Chronic Wasting Disease Risk Assessment and Prevention Planning

One of our highest program priorities is preventing the reintroduction of Chronic Wasting Disease (CWD) into the New York State wild deer herd. CWD, similar to mad cow disease, is caused by an infectious particle called a prion. The infectious prions bind to normal brain proteins, causing them to accumulate and create holes in the tissue. While infected deer may take several years to appear ill, the disease is universally fatal. The fact that prion proteins survive for years in the environment, binding to soil and plants, makes this disease very difficult to control once introduced.

Of even greater concern, new evidence from Wyoming indicates that the number of infected deer steadily climbs over time, causing a long-term decline in the deer herd. This disease represents a serious threat to New York State’s wild white-tailed deer population and the captive cervid industry with potentially devastating economic, ecological, and social repercussions.

To decrease the risk of CWD re-entering New York, Dr. Schuler, along with a team of wildlife biologists from NYSDEC, Cornell epidemiologist Hussni Mohammed and data analyst Nick Hollingshead,  critically reevaluated NYSDEC's existing surveillance program for CWD. The program now uses a risk-weighted surveillance system that places emphasis on sampling older animals and geographic locations where the risks of disease introduction are higher.

Dr. Schuler also worked with a team comprised of New York State Department of Agriculture and Markets (NYSDAM) veterinarians, Cornell faculty, NYSDEC biologists, managers, and an environmental conservation officer (ECO) to develop plans to mitigate the risk of CWD introduction and effectively respond to an outbreak. The plan addresses activities by hunters, deer processors, taxidermists, the general public, wildlife rehabilitators, and captive cervid operators that have the potential to introduce or disperse infectious materials on the landscape. Education and outreach is the cornerstone of the plan which is in the final stages of agency review.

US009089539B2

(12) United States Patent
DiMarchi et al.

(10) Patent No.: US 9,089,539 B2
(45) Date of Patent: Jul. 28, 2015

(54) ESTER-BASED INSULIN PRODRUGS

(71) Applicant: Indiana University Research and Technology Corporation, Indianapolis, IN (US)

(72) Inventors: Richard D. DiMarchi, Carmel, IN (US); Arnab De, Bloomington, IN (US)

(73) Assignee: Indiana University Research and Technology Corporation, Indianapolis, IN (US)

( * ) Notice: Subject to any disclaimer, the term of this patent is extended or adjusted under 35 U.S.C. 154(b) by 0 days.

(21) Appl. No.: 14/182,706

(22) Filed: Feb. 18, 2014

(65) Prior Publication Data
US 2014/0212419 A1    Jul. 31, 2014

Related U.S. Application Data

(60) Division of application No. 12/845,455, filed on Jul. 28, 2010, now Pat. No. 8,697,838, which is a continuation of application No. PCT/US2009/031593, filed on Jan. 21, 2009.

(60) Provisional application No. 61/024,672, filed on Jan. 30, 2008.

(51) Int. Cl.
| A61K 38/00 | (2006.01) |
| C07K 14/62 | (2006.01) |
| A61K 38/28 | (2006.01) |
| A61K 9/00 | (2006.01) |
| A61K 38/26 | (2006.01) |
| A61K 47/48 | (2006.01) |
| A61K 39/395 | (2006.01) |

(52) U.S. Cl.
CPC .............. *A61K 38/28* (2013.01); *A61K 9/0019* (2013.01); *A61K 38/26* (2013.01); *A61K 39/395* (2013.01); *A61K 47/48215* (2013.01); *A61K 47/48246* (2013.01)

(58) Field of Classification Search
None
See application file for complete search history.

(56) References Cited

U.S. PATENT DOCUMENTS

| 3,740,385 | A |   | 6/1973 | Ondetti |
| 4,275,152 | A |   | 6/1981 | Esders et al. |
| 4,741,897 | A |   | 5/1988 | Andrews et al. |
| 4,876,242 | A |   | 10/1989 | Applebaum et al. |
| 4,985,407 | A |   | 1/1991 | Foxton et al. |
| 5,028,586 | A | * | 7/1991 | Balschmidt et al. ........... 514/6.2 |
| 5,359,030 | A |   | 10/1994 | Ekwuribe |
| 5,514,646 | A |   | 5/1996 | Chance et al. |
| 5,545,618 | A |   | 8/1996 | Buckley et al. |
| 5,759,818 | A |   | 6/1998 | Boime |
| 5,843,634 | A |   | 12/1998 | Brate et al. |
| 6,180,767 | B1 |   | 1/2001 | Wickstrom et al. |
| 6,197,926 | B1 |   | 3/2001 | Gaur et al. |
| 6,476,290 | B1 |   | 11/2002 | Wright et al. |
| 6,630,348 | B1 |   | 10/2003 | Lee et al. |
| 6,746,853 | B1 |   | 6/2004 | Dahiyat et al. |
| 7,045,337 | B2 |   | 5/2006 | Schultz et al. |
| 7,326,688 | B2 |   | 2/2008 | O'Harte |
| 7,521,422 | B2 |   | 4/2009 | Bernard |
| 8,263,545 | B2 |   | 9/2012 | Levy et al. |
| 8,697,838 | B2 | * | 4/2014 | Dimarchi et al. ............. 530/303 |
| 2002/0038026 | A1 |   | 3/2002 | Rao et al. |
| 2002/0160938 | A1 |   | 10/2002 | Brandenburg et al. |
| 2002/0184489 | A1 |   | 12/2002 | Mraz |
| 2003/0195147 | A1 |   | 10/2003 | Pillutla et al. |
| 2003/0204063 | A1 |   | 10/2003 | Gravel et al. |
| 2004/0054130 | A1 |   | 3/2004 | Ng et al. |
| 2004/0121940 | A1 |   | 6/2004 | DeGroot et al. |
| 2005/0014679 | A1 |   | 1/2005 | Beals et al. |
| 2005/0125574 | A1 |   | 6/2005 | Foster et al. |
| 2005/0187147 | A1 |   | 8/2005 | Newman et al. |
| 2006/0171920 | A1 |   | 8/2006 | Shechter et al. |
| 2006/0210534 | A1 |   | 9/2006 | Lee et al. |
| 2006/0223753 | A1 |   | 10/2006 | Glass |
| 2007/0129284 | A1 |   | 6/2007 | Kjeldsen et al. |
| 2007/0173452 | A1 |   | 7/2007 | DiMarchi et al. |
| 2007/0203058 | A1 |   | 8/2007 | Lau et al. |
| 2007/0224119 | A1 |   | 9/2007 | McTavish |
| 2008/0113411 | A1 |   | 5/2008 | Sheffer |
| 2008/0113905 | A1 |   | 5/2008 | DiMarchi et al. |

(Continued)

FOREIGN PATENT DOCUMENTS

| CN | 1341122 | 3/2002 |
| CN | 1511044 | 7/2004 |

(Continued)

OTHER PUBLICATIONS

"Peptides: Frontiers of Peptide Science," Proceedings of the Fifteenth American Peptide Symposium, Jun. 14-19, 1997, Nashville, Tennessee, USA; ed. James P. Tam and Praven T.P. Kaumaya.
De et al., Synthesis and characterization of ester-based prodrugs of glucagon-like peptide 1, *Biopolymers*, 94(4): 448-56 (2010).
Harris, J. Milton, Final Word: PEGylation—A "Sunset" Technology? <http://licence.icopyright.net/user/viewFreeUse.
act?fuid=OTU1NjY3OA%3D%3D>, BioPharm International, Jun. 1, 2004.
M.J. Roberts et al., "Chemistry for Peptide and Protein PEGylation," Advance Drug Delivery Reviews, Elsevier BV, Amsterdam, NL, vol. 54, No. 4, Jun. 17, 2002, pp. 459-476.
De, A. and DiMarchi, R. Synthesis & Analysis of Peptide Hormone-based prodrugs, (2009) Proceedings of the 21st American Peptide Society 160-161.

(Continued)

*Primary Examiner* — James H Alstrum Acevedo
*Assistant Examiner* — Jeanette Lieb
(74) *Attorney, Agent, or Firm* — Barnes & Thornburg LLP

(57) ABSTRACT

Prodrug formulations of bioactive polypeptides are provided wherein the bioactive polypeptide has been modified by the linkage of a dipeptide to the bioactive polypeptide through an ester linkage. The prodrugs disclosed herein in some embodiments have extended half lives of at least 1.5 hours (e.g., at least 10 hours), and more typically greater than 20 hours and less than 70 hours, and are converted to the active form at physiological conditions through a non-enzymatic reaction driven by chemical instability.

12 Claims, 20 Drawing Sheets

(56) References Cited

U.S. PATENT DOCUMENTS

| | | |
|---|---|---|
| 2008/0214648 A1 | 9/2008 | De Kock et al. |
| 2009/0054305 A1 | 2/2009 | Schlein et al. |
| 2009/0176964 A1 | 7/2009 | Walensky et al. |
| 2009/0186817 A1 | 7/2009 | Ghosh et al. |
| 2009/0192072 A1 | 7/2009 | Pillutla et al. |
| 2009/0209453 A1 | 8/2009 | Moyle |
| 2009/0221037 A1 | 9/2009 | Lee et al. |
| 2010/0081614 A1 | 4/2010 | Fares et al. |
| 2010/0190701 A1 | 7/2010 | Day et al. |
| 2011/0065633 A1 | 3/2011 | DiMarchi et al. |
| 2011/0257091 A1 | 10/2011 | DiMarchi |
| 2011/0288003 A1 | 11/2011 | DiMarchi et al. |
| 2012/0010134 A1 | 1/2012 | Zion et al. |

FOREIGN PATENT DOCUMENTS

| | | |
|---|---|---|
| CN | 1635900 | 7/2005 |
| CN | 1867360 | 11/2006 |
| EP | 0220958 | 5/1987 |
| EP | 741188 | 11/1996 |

Chronic wasting disease represents a serious threat to New York State’s wild white-tailed deer and moose populations and captive cervid industry with potentially devastating economic, ecological, and social repercussions.

In conjunction with NYSDEC Division of Law Enforcement and NYS Dept. of Agriculture and Markets, the WHP created a prevention plan to minimize the risk of re-entry and spread of CWD in New York State. Actions were considered based on expert CWD risk assessment, scientific evidence, field surveys, participant knowledge specific to New York and a desire to develop a plan that both agencies could endorse and implement. The plan was approved in 2018 and has been implemented. For more information on the Chronic Wasting Disease Risk Assessment and Prevention Plan, please visit NYSDEC's site on Chronic Wasting Disease.

The WHP provided background research, economic analyses, and support to the NYS Dept. of Agriculture and Markets to support a regulation banning the importation of all captive white-tailed deer in 2013. WHP participated in a NYSDAM public information session in March 2017 to support the renewal of the deer import ban.